- (Photo: Wikimedia Commons)
During today's morning rush hour, between 8 and 9 a.m., a train at Columbia Heights was offloaded. Was it thanks to door problems? An irritated train operator? Some other mechanical failure? Riders didn't know at the time and described losing valuable minutes of commute time on platforms that looked extraordinarily crowded.
But then the usual reaction happened. People documented the platform hordes with photos on their cell phones and by 8:45 a.m., the scene hit Prince of Petworth with the headline "Massive Metro Mess." And would anyone seeing the crowd photos deny it? The blog's comments suggest the offloading didn't create any major long-term issues, however. A commenter at 8:57 a.m. notes that the Columbia Heights Metro was now fine, "problem was fixed." Others reiterated Twitter rumblings that it was a door issue, that a rider blocked it. One commenter noted that another train was scheduled to come within two minutes of the offloading. "I got there around 8:45 and everything was absolutely fine," another wrote. "This doesn’t seem like a massive mess to me at all." At the U Street station, another reader remarked "the personnel at the station actually did a fairly good job of informing us of what was happening."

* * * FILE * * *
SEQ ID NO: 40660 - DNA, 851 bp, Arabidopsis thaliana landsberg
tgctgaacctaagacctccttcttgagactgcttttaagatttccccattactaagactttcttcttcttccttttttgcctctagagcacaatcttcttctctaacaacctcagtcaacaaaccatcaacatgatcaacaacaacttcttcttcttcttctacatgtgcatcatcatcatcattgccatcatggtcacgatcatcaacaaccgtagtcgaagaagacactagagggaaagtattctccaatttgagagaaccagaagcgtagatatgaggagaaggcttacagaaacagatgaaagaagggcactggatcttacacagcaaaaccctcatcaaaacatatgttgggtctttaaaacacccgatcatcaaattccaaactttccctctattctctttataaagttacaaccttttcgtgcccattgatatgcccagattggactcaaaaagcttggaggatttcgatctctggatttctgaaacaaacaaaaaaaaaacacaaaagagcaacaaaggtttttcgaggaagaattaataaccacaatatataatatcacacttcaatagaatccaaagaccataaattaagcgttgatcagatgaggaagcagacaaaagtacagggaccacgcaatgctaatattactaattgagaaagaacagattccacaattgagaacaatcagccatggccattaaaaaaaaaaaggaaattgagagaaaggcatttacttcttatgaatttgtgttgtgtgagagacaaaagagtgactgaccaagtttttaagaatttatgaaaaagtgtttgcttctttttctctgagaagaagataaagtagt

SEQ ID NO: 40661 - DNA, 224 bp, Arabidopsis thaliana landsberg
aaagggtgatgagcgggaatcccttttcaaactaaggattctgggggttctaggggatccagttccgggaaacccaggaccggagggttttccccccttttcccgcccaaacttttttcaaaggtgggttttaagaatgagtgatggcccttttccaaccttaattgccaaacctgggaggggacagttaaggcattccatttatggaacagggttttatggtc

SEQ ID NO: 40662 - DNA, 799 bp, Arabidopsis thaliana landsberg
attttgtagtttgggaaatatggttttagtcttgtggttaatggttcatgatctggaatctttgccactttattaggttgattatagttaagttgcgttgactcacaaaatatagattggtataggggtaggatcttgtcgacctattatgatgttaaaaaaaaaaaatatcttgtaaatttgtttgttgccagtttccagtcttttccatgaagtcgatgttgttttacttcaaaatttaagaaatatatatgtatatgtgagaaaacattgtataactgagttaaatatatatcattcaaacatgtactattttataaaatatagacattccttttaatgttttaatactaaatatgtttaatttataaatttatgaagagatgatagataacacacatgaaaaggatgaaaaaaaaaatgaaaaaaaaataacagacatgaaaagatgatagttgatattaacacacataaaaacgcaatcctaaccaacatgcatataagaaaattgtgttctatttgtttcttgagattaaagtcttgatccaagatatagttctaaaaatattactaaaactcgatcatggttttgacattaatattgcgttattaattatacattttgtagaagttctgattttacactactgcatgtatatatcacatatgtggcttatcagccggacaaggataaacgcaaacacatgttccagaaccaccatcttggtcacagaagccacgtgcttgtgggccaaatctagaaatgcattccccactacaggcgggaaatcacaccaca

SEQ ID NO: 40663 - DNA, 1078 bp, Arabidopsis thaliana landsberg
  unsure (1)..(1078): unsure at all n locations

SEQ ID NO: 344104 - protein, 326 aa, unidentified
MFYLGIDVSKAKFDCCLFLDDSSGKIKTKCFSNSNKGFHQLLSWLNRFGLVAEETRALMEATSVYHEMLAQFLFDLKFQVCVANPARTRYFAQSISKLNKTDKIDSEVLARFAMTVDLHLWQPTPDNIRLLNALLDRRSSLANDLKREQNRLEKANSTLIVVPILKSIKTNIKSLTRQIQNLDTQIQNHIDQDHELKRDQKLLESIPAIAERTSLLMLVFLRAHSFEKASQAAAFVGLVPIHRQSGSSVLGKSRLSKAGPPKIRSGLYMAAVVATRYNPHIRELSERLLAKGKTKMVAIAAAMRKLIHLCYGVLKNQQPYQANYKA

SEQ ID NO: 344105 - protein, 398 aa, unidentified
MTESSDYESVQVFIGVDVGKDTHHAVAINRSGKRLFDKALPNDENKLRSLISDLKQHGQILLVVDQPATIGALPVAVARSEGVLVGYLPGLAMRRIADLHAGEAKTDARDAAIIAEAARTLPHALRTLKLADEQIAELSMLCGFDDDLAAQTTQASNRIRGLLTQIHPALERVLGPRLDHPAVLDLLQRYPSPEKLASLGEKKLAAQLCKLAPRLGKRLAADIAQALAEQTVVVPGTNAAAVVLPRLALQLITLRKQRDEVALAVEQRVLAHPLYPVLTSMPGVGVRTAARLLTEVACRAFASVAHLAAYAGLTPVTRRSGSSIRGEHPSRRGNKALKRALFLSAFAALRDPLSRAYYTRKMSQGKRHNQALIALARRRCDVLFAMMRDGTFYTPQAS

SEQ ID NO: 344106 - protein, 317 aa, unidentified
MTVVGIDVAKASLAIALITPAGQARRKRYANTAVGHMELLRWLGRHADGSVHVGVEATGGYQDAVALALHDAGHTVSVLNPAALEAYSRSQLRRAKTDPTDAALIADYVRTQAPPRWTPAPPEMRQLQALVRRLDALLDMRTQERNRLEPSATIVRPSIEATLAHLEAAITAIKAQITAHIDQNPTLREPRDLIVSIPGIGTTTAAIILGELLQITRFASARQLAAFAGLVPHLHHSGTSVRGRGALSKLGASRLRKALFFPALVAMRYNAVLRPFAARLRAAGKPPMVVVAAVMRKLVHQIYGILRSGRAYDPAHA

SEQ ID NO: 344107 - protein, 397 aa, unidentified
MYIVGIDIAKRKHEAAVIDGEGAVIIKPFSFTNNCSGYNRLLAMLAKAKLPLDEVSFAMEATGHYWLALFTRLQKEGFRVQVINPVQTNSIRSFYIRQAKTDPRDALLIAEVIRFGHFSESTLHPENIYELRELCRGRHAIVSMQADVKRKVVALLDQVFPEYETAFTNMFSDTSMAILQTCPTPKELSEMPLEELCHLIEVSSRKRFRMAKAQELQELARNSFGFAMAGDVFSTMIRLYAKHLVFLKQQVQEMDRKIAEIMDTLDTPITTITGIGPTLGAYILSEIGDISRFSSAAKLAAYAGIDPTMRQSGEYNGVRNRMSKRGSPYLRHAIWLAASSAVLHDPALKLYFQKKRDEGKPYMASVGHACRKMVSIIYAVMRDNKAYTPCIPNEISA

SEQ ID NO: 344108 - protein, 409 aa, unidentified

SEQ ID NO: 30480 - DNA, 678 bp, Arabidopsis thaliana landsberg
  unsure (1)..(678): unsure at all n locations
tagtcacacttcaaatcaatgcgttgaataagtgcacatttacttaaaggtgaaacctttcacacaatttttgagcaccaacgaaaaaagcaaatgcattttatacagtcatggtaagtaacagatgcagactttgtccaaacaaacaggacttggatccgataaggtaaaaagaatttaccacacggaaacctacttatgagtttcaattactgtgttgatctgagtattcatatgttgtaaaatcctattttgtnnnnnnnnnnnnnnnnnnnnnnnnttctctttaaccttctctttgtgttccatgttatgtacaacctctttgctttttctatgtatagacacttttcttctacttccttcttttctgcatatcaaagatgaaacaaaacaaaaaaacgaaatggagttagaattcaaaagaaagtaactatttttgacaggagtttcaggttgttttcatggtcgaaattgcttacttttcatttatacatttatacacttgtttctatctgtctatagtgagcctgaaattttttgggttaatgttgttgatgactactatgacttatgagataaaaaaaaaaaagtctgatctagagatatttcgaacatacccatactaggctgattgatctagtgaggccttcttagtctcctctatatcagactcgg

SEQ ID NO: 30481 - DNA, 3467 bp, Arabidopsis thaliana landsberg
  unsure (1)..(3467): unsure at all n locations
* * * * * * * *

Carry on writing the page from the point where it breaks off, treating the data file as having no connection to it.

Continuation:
No one likes a train offload or any delay — whether 3 minutes or 30 — but I'd point to this as another case study in the power of these photographs. WMATA chief spokesperson Dan Stessel reiterated a point made in recent weeks and told me, "This is what an offload looks like." You see the chaos but you don't see the resolution 15 or 30 minutes later. WMATA confirmed that a door problem caused the offload. "I was there," Stessel, a resident of Columbia Heights, told me this morning and added that the offload was "not reflective of a major system disruption." He said two trains arrived back-to-back after the offload to help clear the crowd and said the delay amounted to seven minutes. Was that your experience this morning? His description seems to fit with the Prince of Petworth comments about how the offload was managed.
Meanwhile, here's how riders reacted on Twitter during the offload — and the photos that create such a stir: